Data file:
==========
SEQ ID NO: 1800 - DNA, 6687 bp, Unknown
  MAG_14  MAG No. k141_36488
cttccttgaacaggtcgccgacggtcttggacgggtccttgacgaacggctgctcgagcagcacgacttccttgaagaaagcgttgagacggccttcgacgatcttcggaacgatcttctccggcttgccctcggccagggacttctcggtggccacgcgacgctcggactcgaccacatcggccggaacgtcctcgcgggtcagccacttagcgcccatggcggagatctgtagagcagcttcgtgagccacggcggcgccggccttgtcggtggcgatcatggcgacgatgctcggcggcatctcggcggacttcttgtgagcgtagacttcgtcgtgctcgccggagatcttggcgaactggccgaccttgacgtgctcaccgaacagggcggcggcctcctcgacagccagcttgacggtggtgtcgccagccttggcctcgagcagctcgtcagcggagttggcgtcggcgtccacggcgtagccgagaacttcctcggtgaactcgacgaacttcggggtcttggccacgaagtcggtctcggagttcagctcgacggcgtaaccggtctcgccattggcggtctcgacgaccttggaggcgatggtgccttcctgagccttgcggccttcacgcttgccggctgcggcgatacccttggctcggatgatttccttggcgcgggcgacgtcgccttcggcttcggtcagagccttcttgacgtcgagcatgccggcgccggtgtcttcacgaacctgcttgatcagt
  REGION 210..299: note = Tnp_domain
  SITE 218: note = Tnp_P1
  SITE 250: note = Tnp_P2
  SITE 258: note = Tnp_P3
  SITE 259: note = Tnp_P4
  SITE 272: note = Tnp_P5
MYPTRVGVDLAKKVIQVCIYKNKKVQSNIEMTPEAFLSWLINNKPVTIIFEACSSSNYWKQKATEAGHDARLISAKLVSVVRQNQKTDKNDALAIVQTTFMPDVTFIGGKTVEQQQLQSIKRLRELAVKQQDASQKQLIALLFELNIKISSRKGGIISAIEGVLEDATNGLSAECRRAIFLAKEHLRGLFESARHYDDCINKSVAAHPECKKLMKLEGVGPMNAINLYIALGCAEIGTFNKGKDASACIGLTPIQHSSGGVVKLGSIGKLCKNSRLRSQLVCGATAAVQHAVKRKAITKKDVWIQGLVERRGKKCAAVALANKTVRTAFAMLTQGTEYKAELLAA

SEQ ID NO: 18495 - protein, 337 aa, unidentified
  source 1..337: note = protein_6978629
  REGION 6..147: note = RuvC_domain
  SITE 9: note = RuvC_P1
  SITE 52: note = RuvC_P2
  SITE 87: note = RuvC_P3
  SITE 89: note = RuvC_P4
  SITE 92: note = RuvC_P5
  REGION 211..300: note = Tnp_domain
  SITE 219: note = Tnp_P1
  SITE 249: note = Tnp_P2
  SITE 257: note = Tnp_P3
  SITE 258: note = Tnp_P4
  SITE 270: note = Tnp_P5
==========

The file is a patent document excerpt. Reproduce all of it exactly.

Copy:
SEQ ID NO: 1800 - DNA, 6687 bp, Unknown
  MAG_14  MAG No. k141_36488
cttccttgaacaggtcgccgacggtcttggacgggtccttgacgaacggctgctcgagcagcacgacttccttgaagaaagcgttgagacggccttcgacgatcttcggaacgatcttctccggcttgccctcggccagggacttctcggtggccacgcgacgctcggactcgaccacatcggccggaacgtcctcgcgggtcagccacttagcgcccatggcggagatctgtagagcagcttcgtgagccacggcggcgccggccttgtcggtggcgatcatggcgacgatgctcggcggcatctcggcggacttcttgtgagcgtagacttcgtcgtgctcgccggagatcttggcgaactggccgaccttgacgtgctcaccgaacagggcggcggcctcctcgacagccagcttgacggtggtgtcgccagccttggcctcgagcagctcgtcagcggagttggcgtcggcgtccacggcgtagccgagaacttcctcggtgaactcgacgaacttcggggtcttggccacgaagtcggtctcggagttcagctcgacggcgtaaccggtctcgccattggcggtctcgacgaccttggaggcgatggtgccttcctgagccttgcggccttcacgcttgccggctgcggcgatacccttggctcggatgatttccttggcgcgggcgacgtcgccttcggcttcggtcagagccttcttgacgtcgagcatgccggcgccggtgtcttcacgaacctgcttgatcagt
  REGION 210..299: note = Tnp_domain
  SITE 218: note = Tnp_P1
  SITE 250: note = Tnp_P2
  SITE 258: note = Tnp_P3
  SITE 259: note = Tnp_P4
  SITE 272: note = Tnp_P5
MYPTRVGVDLAKKVIQVCIYKNKKVQSNIEMTPEAFLSWLINNKPVTIIFEACSSSNYWKQKATEAGHDARLISAKLVSVVRQNQKTDKNDALAIVQTTFMPDVTFIGGKTVEQQQLQSIKRLRELAVKQQDASQKQLIALLFELNIKISSRKGGIISAIEGVLEDATNGLSAECRRAIFLAKEHLRGLFESARHYDDCINKSVAAHPECKKLMKLEGVGPMNAINLYIALGCAEIGTFNKGKDASACIGLTPIQHSSGGVVKLGSIGKLCKNSRLRSQLVCGATAAVQHAVKRKAITKKDVWIQGLVERRGKKCAAVALANKTVRTAFAMLTQGTEYKAELLAA

SEQ ID NO: 18495 - protein, 337 aa, unidentified
  source 1..337: note = protein_6978629
  REGION 6..147: note = RuvC_domain
  SITE 9: note = RuvC_P1
  SITE 52: note = RuvC_P2
  SITE 87: note = RuvC_P3
  SITE 89: note = RuvC_P4
  SITE 92: note = RuvC_P5
  REGION 211..300: note = Tnp_domain
  SITE 219: note = Tnp_P1
  SITE 249: note = Tnp_P2
  SITE 257: note = Tnp_P3
  SITE 258: note = Tnp_P4
  SITE 270: note = Tnp_P5